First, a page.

As such the existence of the break fee is hard to understand. Aurizon and Hecla knew when they drafted their deal that Alamos owned 16.1% of Aurizon. Why, then, did they set the threshold of required support from Aurizon shareholders so high, since it meant Alamos only needed to garner support from 17.2% of Aurizon shareholders to derail the deal? And with derailment so attainable, why did Aurizon agree to the $27.1-million break fee?

Perhaps Aurizon only did the math after signing the Hecla deal. That would explain the company’s latest move, which was to adopt another shareholder rights plan. The new plan is intended mitigate the “substantial risk that Aurizon shareholders may be coerced into tendering to the financially inferior Alamos offer in order to avoid being left as minority shareholders in a company controlled by Alamos.”

The situation described therein – that Alamos could end up controlling Aurizon – is very real, because Alamos has not only been doing its math but acting on it. On March 5 the company changed two aspects of its bid: it extended the offer’s expiry date and waived its 66.7% minimum tender requirement. With that requirement waived Alamos will retain any Aurizon shares tendered to its bid, which means it could end up with a large stake in Aurizon even if it is not able to take over the entire company.

To prevent precisely that, Aurizon’s new shareholder rights plan stipulates that the Alamos bid will remain suspended unless 50% of Aurizon’s outstanding shares are tendered to it, not including the ARZ shares Alamos already owns. That means the plan would require Alamos to earn support from investors representing 66.1% of Aurizon’s shares, starting with the 16.1% Alamos already owns. Unless that happens, Aurizon will continue as a going concern until its shareholders have a chance to vote on the Hecla deal at a meeting scheduled for May.

“The changes to Alamos’ bid and public statements of their intent make it clear that Alamos simply wants to impede shareholder choice by denying Aurizon’s shareholders any opportunity to consider other transactions, such as the Hecla arrangement,” said George Brack, chairman of the special committee of Aurizon’s board of directors. “The new rights plan does not prevent Alamos or any other party from making a better offer. It simply ensures that Aurizon’s shareholders will have an opportunity to make a choice.”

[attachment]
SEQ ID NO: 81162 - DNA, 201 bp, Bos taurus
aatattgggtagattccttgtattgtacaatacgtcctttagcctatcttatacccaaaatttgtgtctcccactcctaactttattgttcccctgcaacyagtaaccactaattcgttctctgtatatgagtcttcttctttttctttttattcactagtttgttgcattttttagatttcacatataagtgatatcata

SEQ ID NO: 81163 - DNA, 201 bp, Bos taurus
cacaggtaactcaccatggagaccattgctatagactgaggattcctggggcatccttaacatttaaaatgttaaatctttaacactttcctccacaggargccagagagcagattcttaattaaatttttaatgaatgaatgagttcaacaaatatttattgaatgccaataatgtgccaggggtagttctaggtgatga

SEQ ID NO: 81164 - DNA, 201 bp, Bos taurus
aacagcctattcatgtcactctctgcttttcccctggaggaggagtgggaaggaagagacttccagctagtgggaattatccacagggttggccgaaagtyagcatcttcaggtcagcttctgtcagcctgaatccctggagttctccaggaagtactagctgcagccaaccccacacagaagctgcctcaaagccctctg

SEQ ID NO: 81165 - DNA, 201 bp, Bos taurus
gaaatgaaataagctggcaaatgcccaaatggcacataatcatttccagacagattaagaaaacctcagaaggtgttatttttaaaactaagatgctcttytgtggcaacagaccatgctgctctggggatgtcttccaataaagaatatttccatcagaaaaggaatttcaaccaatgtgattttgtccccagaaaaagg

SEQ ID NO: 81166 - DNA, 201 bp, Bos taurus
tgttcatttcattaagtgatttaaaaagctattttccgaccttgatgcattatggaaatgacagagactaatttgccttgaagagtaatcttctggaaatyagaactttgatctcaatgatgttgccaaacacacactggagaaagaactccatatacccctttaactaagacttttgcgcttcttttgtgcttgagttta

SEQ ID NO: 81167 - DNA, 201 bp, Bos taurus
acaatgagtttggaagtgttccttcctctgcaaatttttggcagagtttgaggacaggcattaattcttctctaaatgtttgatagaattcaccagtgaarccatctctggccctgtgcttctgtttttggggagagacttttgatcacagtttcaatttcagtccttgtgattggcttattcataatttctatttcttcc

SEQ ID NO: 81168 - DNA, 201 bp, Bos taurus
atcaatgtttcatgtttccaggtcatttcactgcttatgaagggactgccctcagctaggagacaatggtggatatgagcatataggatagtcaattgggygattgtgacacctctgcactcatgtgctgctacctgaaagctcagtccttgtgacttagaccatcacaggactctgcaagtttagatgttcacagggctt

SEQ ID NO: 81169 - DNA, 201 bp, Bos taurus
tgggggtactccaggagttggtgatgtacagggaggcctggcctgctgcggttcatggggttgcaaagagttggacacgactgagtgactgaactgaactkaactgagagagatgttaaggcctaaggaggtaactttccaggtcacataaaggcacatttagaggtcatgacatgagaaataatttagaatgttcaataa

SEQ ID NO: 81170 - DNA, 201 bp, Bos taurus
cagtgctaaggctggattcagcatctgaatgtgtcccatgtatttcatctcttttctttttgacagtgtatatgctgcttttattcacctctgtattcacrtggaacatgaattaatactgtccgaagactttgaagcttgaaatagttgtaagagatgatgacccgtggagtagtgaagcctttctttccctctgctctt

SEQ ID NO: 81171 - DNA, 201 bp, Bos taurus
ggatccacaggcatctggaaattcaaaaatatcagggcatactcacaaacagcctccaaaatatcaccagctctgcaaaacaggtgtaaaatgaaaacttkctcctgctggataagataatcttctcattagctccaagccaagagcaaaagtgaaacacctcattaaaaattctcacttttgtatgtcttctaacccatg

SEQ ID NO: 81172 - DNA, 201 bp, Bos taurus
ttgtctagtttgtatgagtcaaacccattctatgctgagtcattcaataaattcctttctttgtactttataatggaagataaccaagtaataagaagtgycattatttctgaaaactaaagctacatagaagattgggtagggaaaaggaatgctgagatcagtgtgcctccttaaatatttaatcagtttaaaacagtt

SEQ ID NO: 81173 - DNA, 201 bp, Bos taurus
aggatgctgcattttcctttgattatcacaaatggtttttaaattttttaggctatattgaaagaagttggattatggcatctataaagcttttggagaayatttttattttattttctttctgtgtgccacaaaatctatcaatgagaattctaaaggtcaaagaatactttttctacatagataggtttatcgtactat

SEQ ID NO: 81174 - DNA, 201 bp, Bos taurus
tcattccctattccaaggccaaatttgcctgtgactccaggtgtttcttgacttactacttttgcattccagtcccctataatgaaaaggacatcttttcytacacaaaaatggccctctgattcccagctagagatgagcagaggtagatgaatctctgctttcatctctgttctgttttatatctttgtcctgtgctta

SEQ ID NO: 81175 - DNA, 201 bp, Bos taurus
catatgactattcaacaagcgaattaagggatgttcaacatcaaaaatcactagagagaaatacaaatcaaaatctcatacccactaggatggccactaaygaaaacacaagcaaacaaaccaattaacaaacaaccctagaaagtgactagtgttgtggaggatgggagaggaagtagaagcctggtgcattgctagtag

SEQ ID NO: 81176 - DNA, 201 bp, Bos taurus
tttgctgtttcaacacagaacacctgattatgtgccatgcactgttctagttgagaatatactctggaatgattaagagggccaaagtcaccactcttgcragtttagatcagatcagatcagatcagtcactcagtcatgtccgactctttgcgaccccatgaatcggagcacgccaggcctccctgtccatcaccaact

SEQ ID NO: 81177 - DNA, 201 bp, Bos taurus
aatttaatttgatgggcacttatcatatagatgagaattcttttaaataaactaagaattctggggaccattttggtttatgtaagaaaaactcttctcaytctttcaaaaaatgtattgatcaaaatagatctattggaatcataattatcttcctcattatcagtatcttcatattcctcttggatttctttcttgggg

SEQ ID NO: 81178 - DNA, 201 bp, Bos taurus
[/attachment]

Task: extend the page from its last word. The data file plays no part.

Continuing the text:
For its part, Alamos thinks the new poison pill is “ludicrous” and says it is Aurizon that is trying to deny shareholders the right to choose.

“Contrary to the assertions of George Brack of the Aurizon board, Alamos is forcing no one to tender to its offer,” said McCluskey in a statement. “We believe Aurizon shareholders should have the right to choose either way. It is the Aurizon board through poison pills and egregious break fees that is effectively blocking Aurizon shareholders from tendering to the Alamos offer. If the Alamos offer is inferior, as the board asserts, what does the board have to fear?”

Alamos also thinks the poison pill and break fee are illegal. The company filed an application with the BCSC seeking an order to immediately remove the poison pill. Alamos is also asking the BCSC to prevent payment of the break fee to Hecla, on the grounds that the fee may constitute an improper defense tactic or be otherwise inconsistent with takeover bid law in Canada.

The BCSC will hear arguments on the case on March 15.

Alamos’ shareholders have not been very excited about their company’s engagement in this battle. The day Alamos announced its Aurizon bid, AGI shares lost $2.02 or 12%. They stayed between $14.70 and
$15.50 for a few weeks and then slid further, to their current hover near $14.50.

As for Aurizon, its share price jumped from $3.40 to $4.65 on news of Alamos’ offer in mid-January. Within a few days they climbed to as high as $4.80, but then started losing ground to trade below $4.50. News of Hecla’s bid did little for ARZ shares, which have not risen above $4.55 since Hecla’s $4.75-per-share offer.

In fact, the drama hasn’t helped anyone’s share price. The day Hecla bid for Aurizon its share price fell 12% to US$4.07. It has since regained half that ground.